9. Evaluation of Aviation Career Pay Incentives Among the Naval Aviation Enterprise Utilizing Auction Mechanisms

    DTIC Science & Technology

    2015-03-01

    Navy Aviation, we analyzed the impact that market - based mechanisms would have on quantity, quality, and cost for retained naval aviators. Using these...FY-2013 ACCP program. Om research shows that a market -based auction could include improvements in cost, quality, and particularly quantity of...current bonus system. Incorporating survey results from 2,316 naval officers across Navy Aviation, we analyzed the impact that market -based mechanisms

  10. 2015 CRC Aviation Meetings Particle Count Limits Recommendation for Aviation Fuel (Briefing Charts)

    DTIC Science & Technology

    2015-05-05

    31 AUG 2015 2. REPORT TYPE 3. DATES COVERED 00-00-2015 to 00-00-2015 4. TITLE AND SUBTITLE 2015 CRC Aviation Meetings Particle Count Limits...Recommendation for Aviation Fuel 5a. CONTRACT NUMBER 5b. GRANT NUMBER 5c. PROGRAM ELEMENT NUMBER 6. AUTHOR(S) Joel Schmitigal 5d. PROJECT NUMBER 5e...ABSTRACT None 15. SUBJECT TERMS 2015 Coordinating Research Council Aviation Meetings 16. SECURITY CLASSIFICATION OF: 17. LIMITATION OF ABSTRACT

  11. Changing the Landscape of Civil Aviation

    NASA Technical Reports Server (NTRS)

    Russo, Carol J.

    1997-01-01

    NASA is undertaking several bold new initiatives to develop revolutionary technologies for civil aviation. These technologies span the civil aviation fleet from general aviation to large subsonic and supersonic aircraft and promise to bring a new era of new aircraft, lower operation costs, faster more direct flight capabilities, more environmentally friendly aircraft, and safer airline operations. These initiatives have specific quantified goals that require technologies well beyond those currently being developed creating a bold new vision for aeronautics. Revolutionary propulsion systems are enabling for these advancements. This paper gives an overview of the new national aeronautics goals and explores for a selected subset of goals some of the revolutionary technologies will be required to meet some of these goals. The focus of the paper is on the pivotal role propulsion and icing technologies will play in changing the landscape of civil aviation.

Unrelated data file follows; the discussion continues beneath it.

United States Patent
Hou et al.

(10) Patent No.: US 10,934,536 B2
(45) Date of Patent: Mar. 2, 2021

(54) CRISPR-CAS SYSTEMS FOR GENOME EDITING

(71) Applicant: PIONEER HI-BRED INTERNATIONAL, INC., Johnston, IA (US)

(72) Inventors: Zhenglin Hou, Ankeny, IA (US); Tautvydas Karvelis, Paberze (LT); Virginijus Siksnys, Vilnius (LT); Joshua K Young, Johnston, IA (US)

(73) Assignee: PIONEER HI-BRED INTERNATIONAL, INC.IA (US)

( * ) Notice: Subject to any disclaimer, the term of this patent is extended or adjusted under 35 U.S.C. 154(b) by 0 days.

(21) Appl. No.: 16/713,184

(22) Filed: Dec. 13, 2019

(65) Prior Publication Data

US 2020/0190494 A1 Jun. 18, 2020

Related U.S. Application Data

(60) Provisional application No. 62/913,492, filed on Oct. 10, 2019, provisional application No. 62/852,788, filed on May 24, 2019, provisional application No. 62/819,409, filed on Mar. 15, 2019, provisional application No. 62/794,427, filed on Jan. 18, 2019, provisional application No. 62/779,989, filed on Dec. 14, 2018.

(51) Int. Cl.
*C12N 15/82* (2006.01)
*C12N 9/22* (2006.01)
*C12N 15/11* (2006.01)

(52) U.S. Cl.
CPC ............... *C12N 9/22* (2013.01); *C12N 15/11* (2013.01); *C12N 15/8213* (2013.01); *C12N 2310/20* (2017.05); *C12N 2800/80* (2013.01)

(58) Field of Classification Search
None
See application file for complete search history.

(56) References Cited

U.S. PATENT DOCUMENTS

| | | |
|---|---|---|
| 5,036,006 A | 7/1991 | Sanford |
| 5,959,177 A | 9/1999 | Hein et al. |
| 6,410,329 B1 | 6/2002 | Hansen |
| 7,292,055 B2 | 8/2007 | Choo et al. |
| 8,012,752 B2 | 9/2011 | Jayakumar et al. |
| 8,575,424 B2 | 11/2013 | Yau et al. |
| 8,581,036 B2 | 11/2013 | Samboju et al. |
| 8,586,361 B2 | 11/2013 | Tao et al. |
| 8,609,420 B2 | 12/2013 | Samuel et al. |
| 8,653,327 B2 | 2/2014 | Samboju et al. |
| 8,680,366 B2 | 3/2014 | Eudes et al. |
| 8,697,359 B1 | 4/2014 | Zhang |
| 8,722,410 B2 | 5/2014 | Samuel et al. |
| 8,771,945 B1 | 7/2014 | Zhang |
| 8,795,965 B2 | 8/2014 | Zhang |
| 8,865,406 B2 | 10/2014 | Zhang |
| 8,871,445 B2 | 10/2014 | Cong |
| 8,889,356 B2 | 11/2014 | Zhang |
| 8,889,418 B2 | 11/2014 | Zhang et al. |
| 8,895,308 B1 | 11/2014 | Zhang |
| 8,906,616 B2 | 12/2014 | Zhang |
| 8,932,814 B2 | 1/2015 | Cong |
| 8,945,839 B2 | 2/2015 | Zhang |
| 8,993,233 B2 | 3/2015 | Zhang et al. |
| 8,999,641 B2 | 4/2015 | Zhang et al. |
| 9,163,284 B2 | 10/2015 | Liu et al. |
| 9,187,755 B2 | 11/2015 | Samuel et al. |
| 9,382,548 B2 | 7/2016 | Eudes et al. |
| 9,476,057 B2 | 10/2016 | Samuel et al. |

12. Enabling America's Next Generation of Aviation Vehicles

    NASA Technical Reports Server (NTRS)

    2004-01-01

    Viewgraphs o America's Next Generation of Aviation Vehicles are presented. The topics include: 1) UAV's- Unlimited Applications; 2) Global Challenges; 3) UAV/CNS Overview; 4) Communications; 5) Navigation; and 6) Surveillance.

  13. [The profile training of aviation doctors].

    PubMed

    Blaginin, A A; Lizogub, I N

    2011-11-01

    Authors consider the trends of training doctors in the specialty "physician in aerospace medicine". First level is initial training for faculty training of doctors. The higher level is vocational retraining and advanced training in the departments of postgraduate and further education. It solved the issues of preparation of specialists in various areas of aviation medicine: medical-chairman of the Flight Commission, an expert medical doctor-flight expert committee, a specialist laboratory (Cabinet) of Aviation Medicine, the Medical Director of Aviation (enterprise, organization), etc. The highest level of training is residency. The necessity of legislative consolidation of an independent direction for the organization of training and medical support of aviation operations is proved.

  14. 78 FR 25337 - Federal Aviation Administration

    Federal Register 2010, 2011, 2012, 2013, 2014

    2013-04-30

    ... From the Federal Register Online via the Government Publishing Office DEPARTMENT OF TRANSPORTATION Federal Aviation Administration Agency Information Collection Activities: Requests for Comments; Clearance of Renewed Approval of Information Collection: Operations Specifications AGENCY: Federal...